The Boons family farm is situated outside the village of Lorrha, in North Tipperary. The 57 acre farm was originally part of the Redwood Castle Estate and sits on the borders of three counties – Offaly, Galway and Tipperary.
Home to Jan, Monique and their daughters, Julia and Kayla, and Freddie (the family dog) is a beautiful old farmhouse, lovingly restored. The farm has 200 goats and about 50 kids; The Boons breed mostly Saanen goats, distinctive for their dramatic white coats, and also a small number of the French Alpine variety. Each goat produces about three litres of milk per day.
From Holland originally, Jan and Monique met at agricultural college and dreamed of starting their own farm. Jan was brought up on an organic dairy farm in Holland and had long harboured a plan to work with goats. After much research, the Boons settled in Ireland in 1999 and began to supply Glenisk with fresh goats’ milk.
“Something about goats always interested me”, says Jan. “They are independent, lively and dynamic animals with a very distinct temperament. For me, goat farming is a business but I’d also describe it as hobby. You can’t work seven days a week at something if you’re not passionate about it.” Jan believes it is more challenging to work with goats than other animals and he sees it as a partnership approach: “Goats react badly to stress so it’s important to work with them, to ensure their living conditions are comfortable and that their routines are upheld.”
Demand for goats’ milk has increased in recent years, with growing anecdotal evidence that it may be beneficial for those with asthma, eczema and digestive complaints. At Glenisk, we are always amazed at the letters we receive outlining the way in which switching to goats’ milk has apparently transformed health and alleviated symptoms. Many people are also surprised at how mild and creamy fresh goats’ milk tastes.
While Jan is mainly responsible for the goats on the farm, Monique is kept busy with other projects. As well as part-time work and caring for the girls, she grows her own organic fruit and vegetables and raises chickens. She is also a fantastic baker as we discovered during our visit when she treated us to some home-made strawberry cheese cake, created with goats cheese.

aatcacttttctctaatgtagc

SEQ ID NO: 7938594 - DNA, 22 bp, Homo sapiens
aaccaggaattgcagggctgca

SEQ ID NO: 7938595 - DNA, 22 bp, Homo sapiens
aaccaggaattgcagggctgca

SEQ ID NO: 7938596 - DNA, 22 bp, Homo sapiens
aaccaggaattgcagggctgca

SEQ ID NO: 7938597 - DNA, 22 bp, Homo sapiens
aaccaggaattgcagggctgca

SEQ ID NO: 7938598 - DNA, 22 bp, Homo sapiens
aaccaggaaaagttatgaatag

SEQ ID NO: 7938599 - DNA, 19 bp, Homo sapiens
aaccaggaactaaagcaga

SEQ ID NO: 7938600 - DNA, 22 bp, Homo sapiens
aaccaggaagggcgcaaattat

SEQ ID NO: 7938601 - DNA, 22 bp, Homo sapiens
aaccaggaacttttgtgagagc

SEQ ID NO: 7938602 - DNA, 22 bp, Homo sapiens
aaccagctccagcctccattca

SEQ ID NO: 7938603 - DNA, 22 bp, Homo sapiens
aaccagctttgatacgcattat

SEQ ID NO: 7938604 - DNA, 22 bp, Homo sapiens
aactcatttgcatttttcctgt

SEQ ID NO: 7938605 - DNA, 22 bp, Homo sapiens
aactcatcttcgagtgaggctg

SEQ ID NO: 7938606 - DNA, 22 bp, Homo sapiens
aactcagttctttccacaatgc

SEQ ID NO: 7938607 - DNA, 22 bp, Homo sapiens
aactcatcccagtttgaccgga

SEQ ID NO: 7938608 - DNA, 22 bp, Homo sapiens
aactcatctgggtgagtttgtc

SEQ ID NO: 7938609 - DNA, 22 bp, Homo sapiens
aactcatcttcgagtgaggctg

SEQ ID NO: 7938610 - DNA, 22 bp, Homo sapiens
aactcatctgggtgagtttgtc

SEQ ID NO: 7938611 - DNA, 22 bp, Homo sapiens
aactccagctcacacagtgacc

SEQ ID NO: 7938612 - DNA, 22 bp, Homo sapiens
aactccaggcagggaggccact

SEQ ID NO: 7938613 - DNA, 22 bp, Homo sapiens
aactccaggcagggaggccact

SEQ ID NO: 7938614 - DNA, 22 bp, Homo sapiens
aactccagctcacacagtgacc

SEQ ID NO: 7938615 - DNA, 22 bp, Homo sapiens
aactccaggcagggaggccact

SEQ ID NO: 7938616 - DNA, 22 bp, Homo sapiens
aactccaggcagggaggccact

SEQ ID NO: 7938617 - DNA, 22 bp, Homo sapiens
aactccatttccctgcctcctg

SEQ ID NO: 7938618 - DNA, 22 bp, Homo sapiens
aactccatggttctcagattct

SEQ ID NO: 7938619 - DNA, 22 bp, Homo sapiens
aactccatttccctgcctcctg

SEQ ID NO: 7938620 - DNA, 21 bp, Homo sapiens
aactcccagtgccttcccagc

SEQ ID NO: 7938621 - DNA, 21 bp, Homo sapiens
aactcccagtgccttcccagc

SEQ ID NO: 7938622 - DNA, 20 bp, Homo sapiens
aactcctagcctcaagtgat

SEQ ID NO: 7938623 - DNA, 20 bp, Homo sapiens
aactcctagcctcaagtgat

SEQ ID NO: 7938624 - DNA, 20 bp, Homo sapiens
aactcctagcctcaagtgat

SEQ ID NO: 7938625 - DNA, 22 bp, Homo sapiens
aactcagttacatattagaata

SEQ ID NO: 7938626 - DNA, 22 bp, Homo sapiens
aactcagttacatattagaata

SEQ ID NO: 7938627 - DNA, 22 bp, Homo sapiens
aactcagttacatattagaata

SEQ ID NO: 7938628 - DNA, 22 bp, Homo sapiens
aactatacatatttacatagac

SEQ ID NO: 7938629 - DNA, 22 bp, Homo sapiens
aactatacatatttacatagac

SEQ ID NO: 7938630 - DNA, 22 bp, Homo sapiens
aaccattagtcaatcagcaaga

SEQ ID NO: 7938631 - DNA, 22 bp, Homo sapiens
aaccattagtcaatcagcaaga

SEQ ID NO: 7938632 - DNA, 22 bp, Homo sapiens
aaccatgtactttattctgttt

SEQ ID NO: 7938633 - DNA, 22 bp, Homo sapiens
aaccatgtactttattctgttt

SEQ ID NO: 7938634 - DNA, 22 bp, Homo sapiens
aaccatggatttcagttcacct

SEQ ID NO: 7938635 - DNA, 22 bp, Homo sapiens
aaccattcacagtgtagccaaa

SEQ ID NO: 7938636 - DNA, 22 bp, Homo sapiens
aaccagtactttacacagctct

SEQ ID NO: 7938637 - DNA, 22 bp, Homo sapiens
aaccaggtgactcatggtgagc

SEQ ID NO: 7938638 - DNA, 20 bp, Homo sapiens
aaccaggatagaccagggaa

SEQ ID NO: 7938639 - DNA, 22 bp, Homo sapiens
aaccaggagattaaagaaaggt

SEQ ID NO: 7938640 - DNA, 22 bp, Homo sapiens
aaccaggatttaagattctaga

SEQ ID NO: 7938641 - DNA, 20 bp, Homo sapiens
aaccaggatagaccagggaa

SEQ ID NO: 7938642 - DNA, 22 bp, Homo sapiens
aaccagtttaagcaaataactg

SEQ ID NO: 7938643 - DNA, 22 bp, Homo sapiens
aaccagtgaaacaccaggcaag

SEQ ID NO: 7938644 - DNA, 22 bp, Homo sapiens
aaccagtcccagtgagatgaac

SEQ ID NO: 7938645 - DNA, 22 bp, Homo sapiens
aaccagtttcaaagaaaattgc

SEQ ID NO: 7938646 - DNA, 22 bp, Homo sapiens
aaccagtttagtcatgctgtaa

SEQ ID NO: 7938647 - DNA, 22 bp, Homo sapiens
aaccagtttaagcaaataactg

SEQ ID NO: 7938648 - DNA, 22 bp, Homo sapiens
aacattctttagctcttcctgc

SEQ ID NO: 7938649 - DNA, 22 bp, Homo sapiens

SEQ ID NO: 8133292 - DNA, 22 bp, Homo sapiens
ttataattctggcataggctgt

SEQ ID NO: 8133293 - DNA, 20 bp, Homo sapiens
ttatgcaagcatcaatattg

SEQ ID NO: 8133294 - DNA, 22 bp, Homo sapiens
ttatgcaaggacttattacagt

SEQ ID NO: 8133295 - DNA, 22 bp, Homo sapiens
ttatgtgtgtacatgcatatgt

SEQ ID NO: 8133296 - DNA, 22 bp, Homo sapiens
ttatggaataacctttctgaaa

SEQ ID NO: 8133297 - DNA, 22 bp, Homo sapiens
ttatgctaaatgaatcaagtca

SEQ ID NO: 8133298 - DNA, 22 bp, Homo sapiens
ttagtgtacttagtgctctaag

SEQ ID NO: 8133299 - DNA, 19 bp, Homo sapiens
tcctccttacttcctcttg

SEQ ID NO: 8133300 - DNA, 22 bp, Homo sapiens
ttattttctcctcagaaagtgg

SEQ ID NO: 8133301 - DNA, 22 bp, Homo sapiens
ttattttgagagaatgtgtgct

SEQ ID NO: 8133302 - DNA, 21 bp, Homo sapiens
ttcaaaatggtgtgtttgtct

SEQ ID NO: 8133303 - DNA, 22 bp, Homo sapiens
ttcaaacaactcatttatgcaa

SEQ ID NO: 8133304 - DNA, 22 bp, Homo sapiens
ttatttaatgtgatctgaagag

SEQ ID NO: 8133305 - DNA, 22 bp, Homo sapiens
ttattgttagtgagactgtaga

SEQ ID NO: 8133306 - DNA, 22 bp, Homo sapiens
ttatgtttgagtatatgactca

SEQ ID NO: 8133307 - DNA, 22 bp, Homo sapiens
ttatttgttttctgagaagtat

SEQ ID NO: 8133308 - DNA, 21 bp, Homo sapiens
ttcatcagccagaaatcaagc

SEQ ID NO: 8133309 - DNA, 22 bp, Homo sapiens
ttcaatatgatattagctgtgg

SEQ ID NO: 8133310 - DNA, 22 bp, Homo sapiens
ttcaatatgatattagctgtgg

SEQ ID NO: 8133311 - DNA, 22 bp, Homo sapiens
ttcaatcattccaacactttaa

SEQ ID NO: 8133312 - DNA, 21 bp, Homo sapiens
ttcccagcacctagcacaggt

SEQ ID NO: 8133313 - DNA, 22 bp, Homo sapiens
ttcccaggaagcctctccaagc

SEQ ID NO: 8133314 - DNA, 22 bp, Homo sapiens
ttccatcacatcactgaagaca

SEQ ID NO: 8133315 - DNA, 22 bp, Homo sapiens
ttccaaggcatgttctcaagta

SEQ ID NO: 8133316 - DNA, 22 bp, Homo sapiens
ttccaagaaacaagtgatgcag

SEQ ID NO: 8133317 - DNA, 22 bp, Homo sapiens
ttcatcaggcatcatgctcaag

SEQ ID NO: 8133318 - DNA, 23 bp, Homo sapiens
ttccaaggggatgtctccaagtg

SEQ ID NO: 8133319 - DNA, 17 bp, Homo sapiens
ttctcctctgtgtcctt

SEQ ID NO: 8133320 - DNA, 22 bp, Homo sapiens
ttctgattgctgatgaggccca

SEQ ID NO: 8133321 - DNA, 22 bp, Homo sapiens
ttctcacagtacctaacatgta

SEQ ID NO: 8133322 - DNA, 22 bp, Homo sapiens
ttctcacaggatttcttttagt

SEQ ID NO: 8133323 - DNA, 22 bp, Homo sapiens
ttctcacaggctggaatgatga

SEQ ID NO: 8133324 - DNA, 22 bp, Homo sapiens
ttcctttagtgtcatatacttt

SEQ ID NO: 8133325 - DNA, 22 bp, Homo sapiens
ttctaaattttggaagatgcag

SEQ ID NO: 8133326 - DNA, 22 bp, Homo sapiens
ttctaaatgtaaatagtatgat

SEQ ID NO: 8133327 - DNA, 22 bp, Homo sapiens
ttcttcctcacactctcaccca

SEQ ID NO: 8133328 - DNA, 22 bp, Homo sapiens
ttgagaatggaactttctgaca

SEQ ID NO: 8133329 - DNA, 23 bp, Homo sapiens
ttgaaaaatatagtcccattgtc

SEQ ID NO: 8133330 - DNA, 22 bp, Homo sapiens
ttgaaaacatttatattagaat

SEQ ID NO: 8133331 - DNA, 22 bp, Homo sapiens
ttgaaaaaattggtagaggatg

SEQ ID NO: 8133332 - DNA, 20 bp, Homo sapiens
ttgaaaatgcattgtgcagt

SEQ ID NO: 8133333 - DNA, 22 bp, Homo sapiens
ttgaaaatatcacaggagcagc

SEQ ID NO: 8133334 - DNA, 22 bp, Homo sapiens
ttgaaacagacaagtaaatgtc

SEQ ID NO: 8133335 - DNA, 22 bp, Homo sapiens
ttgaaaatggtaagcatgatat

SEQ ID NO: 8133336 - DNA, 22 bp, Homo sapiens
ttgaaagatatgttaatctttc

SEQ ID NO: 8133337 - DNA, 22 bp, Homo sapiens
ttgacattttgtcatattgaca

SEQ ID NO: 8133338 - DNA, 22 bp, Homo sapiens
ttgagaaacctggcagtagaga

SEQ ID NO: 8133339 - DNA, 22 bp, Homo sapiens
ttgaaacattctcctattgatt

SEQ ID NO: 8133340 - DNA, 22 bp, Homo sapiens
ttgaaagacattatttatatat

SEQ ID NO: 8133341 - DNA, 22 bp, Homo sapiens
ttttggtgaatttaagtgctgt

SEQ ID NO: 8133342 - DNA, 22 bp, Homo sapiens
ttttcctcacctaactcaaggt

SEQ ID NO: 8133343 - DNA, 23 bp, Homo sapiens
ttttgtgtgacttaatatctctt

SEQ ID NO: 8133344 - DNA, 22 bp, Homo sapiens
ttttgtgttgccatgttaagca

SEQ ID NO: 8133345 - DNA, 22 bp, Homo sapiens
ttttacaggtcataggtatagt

The girls, who are fluent in both Dutch and English (as well as diligently learning Irish), also help out on the farm, but it competes with lots of other interests. As well as school, Julia and Kayla are busy with extra-curricular activities including sports and especially horse-riding.
The Boons have also recently renovated one of the old farm buildings which is now a self catering cottage. Available to rent throughout the year, the cottage allows you to escape the hustle & bustle and enjoy life on the farm.
nature is a key
part of my life and
why I’m interested
From Dundrum, County Tipperary, Patrick O’Brien is one of Glenisk’s organic farmers. Patrick manages a herd of over 70 milking cows on more than 150 acres of organic farmland in Tipperary, where his love of farming was established at an early age. Patrick comes from a farming family, growing up in Tipperary surrounded by his parents’ dairy herd (and the odd trio of hens and family dogs). Patrick’s parents and cousin are also involved in farming. As a kid, Patrick’s favourite part of farm life was seeing the new calves after they were born and all the excitement of what the new additions to the herd would be like. As an adult, Patrick began farming his own beef enterprise but transitioned back to dairy after completing a course in dairy management at Reaseheath College in England. He says dairy farming is always interesting and he enjoys it more. Nowadays, Patrick (also a qualified teacher) is busy running his organic dairy farm, teaching, and studying. Patrick is very thankful to his parents for their help in developing his farming enterprise, and is honoured to be carrying on the tradition.
Patrick converted his farmland to organic production about four years ago, amid concerns about the impact that artificial fertilizers and sprays were having on his land and his animals. By eliminating these artificial inputs, Patrick has reduced pollution and improved the health of his soil, herd, and the surrounding environment. Patrick believes that organic is a more sustainable way of farming, and making the switch helped him reduce the chemicals and pollution on his family land. Animal health is his biggest priority, and as an organic farmer, Patrick must “focus on prevention and the animal itself.” Patrick has chosen specific breeds that are well suited to his type of farming and finds that animal health is better because he focuses on specific breeds for health, including crossed Friesian, Jersey, Shorthorn, and Brown Swiss cows. Patrick has also seen a difference in his cows’ choice of feed. Because the ditches and hedges around his land aren’t sprayed with chemicals, Patrick finds that his cows like to eat different plants as they move from pasture to pasture, seeking out a variety of natural vitamins and minerals.
Every day you learn
In organic farming, says Patrick, the main key to being successful is thinking ahead. Because there are no synthetic chemicals allowed in organic farming, soil management and grassland planning become paramount. Patrick says he always has a backup plan, and that he has learned a lot since converting to organics. In fact, he is part of a discussion group with other farmers to share best practice and he enjoys learning from other farmers in the area. When asked what his favourite part of farming is, Patrick says it’s still the same moments he loved as a kid – meeting the calves. For Patrick the excitement of seeing what the new calves will be like is only matched by the glee of his nieces and nephews who visit the farm to meet the new-borns.